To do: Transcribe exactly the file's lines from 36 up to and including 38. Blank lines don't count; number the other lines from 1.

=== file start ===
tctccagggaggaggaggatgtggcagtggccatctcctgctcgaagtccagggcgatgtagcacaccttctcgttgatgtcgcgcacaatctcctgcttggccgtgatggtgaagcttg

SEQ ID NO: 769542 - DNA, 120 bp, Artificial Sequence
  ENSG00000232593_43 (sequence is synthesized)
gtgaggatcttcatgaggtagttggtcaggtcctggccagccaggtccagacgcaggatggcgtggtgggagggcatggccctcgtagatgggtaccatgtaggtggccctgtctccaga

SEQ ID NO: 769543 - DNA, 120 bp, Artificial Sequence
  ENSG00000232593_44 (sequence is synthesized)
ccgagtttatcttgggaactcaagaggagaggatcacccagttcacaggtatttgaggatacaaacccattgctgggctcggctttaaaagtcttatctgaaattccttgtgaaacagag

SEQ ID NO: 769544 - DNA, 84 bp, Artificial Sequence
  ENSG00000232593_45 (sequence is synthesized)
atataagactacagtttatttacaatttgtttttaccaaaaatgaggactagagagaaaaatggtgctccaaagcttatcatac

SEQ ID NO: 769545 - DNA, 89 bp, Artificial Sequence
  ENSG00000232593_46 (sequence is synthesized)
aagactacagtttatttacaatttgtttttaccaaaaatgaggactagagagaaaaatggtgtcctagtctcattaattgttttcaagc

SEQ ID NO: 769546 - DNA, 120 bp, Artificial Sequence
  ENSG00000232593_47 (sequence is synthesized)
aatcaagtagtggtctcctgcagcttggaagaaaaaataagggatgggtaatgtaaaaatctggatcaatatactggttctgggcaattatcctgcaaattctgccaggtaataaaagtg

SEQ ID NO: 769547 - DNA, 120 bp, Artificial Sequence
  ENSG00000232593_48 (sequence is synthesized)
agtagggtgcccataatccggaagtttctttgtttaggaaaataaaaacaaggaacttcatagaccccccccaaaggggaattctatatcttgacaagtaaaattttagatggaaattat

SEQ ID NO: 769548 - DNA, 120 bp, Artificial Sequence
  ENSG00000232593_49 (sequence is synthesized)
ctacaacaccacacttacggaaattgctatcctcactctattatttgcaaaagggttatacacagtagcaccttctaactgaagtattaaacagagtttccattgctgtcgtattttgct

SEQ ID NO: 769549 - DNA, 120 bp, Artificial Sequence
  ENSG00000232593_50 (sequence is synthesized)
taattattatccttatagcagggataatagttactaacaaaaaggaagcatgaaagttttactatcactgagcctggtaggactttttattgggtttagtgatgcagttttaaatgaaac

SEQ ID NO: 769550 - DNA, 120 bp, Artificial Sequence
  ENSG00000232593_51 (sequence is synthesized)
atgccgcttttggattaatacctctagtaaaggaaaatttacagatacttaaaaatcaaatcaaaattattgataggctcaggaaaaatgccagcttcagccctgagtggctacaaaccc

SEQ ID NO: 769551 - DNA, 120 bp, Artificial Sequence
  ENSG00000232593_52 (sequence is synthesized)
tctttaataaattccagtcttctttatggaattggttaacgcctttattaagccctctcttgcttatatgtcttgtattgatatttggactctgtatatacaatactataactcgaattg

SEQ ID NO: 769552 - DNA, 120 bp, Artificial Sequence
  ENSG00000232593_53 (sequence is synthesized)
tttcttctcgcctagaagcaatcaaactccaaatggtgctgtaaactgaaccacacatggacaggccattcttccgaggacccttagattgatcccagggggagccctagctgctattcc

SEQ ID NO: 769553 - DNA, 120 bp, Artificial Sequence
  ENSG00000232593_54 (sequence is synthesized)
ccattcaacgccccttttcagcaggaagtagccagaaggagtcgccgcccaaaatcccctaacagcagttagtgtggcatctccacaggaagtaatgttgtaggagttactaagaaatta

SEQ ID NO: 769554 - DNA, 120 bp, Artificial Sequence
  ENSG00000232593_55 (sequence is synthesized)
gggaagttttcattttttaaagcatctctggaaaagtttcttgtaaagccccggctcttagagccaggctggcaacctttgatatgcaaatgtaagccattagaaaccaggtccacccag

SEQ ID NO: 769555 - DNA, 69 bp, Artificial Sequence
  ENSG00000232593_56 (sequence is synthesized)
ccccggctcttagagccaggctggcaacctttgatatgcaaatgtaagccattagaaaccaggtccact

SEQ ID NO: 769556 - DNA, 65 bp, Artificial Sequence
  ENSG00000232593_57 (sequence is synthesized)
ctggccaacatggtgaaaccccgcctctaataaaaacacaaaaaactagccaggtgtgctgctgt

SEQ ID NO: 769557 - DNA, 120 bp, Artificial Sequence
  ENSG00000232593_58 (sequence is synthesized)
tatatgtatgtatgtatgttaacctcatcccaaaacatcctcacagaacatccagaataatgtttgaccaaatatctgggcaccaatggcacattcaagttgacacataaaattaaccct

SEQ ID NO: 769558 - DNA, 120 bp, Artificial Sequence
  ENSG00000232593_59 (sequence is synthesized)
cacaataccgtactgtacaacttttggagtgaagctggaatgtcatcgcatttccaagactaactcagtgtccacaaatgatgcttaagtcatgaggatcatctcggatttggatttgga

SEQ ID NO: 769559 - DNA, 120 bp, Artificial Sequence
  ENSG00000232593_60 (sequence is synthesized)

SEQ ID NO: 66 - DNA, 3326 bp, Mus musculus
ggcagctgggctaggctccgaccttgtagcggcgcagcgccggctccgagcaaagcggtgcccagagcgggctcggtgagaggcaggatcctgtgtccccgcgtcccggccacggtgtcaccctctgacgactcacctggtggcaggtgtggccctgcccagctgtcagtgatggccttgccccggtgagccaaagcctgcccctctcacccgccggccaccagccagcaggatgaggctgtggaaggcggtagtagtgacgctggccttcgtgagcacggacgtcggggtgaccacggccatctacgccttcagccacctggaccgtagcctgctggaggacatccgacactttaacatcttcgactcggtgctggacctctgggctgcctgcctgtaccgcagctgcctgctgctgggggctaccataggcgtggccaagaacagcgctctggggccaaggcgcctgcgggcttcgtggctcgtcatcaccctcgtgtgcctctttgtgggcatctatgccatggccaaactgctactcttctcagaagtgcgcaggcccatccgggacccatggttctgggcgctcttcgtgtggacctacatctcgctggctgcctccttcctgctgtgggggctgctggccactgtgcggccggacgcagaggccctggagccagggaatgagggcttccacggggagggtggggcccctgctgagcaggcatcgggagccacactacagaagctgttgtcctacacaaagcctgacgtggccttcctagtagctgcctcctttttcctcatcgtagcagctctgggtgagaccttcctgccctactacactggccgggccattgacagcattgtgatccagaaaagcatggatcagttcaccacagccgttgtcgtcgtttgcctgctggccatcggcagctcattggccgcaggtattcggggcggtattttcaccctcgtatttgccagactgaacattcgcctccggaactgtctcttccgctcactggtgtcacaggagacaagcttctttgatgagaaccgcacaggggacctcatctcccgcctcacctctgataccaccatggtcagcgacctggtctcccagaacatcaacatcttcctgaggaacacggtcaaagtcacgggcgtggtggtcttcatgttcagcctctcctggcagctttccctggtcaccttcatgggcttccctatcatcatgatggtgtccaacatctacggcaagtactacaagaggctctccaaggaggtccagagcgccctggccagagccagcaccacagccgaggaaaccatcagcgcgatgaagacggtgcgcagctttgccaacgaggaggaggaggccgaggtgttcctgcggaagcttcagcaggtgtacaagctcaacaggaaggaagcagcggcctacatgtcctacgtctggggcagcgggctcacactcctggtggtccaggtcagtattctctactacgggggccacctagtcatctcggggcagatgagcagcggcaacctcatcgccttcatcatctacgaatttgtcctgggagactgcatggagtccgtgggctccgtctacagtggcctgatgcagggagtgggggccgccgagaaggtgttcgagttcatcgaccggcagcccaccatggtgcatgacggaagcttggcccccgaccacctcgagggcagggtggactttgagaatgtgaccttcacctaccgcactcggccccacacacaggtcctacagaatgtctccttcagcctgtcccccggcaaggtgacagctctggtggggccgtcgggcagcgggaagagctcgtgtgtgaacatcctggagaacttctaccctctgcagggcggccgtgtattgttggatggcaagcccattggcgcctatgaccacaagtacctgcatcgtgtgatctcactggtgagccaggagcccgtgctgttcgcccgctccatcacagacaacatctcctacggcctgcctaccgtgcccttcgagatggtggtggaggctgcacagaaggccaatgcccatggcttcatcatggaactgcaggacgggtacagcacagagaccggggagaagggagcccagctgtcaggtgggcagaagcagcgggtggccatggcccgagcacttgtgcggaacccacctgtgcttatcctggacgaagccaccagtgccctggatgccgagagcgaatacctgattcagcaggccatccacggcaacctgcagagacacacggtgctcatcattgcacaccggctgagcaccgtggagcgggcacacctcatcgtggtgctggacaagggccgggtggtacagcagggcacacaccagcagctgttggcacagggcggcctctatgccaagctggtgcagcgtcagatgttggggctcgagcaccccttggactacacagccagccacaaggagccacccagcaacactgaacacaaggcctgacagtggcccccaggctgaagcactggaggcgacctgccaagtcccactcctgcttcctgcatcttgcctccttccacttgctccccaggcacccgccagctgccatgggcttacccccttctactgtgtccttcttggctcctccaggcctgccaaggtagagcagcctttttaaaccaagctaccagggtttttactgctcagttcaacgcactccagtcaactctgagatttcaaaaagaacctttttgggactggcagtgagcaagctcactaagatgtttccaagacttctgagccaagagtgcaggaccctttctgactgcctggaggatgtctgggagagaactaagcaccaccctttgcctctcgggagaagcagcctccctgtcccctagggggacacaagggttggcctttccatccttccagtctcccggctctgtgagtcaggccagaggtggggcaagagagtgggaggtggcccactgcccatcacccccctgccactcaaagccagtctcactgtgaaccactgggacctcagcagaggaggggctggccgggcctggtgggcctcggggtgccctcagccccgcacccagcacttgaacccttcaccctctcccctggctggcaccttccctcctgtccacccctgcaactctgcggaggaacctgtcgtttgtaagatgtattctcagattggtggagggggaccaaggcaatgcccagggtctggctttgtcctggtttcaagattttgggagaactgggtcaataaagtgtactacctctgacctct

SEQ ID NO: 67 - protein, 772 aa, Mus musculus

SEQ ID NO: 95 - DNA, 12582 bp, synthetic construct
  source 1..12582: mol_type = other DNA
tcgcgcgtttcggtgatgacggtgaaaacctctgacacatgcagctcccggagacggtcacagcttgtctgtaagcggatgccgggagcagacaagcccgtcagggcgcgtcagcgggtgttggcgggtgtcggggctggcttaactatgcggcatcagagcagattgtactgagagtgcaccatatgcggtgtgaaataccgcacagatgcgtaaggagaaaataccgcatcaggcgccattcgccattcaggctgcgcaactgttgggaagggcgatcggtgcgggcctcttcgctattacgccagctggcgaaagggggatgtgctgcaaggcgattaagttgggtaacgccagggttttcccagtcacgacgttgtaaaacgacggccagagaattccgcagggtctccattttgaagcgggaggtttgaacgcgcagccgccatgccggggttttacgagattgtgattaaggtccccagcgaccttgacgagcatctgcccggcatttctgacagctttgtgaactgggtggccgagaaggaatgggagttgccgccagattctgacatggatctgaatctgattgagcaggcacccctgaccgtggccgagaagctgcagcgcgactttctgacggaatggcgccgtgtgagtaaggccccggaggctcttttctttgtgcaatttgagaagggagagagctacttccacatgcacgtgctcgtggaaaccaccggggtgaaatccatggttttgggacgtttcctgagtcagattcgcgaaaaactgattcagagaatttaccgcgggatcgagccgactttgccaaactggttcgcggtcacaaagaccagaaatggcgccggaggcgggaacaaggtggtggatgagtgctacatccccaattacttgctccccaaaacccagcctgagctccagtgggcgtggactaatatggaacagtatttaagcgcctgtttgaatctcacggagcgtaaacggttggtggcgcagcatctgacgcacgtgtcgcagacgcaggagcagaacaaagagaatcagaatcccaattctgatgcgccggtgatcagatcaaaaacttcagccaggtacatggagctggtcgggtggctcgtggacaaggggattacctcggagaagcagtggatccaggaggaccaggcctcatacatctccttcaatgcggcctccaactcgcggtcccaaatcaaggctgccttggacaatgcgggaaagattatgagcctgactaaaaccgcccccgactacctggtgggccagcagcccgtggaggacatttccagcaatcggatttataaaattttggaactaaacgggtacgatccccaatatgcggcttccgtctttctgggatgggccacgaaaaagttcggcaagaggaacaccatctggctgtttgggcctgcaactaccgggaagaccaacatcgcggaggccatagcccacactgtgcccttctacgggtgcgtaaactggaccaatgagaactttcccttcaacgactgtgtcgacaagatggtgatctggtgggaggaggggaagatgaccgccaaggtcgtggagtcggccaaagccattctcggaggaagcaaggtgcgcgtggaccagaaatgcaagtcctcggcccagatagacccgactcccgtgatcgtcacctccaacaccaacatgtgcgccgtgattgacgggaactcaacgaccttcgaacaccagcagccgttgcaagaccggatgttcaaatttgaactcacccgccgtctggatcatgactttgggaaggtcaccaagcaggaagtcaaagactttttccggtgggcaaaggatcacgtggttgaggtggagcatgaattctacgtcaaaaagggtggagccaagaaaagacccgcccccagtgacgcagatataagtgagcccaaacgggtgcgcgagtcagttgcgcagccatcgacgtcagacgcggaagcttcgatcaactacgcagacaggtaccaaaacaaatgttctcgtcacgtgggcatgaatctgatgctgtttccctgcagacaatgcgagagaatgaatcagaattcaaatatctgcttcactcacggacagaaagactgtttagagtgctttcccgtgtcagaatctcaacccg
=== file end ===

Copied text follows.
  ENSG00000232593_54 (sequence is synthesized)
ccattcaacgccccttttcagcaggaagtagccagaaggagtcgccgcccaaaatcccctaacagcagttagtgtggcatctccacaggaagtaatgttgtaggagttactaagaaatta

SEQ ID NO: 769554 - DNA, 120 bp, Artificial Sequence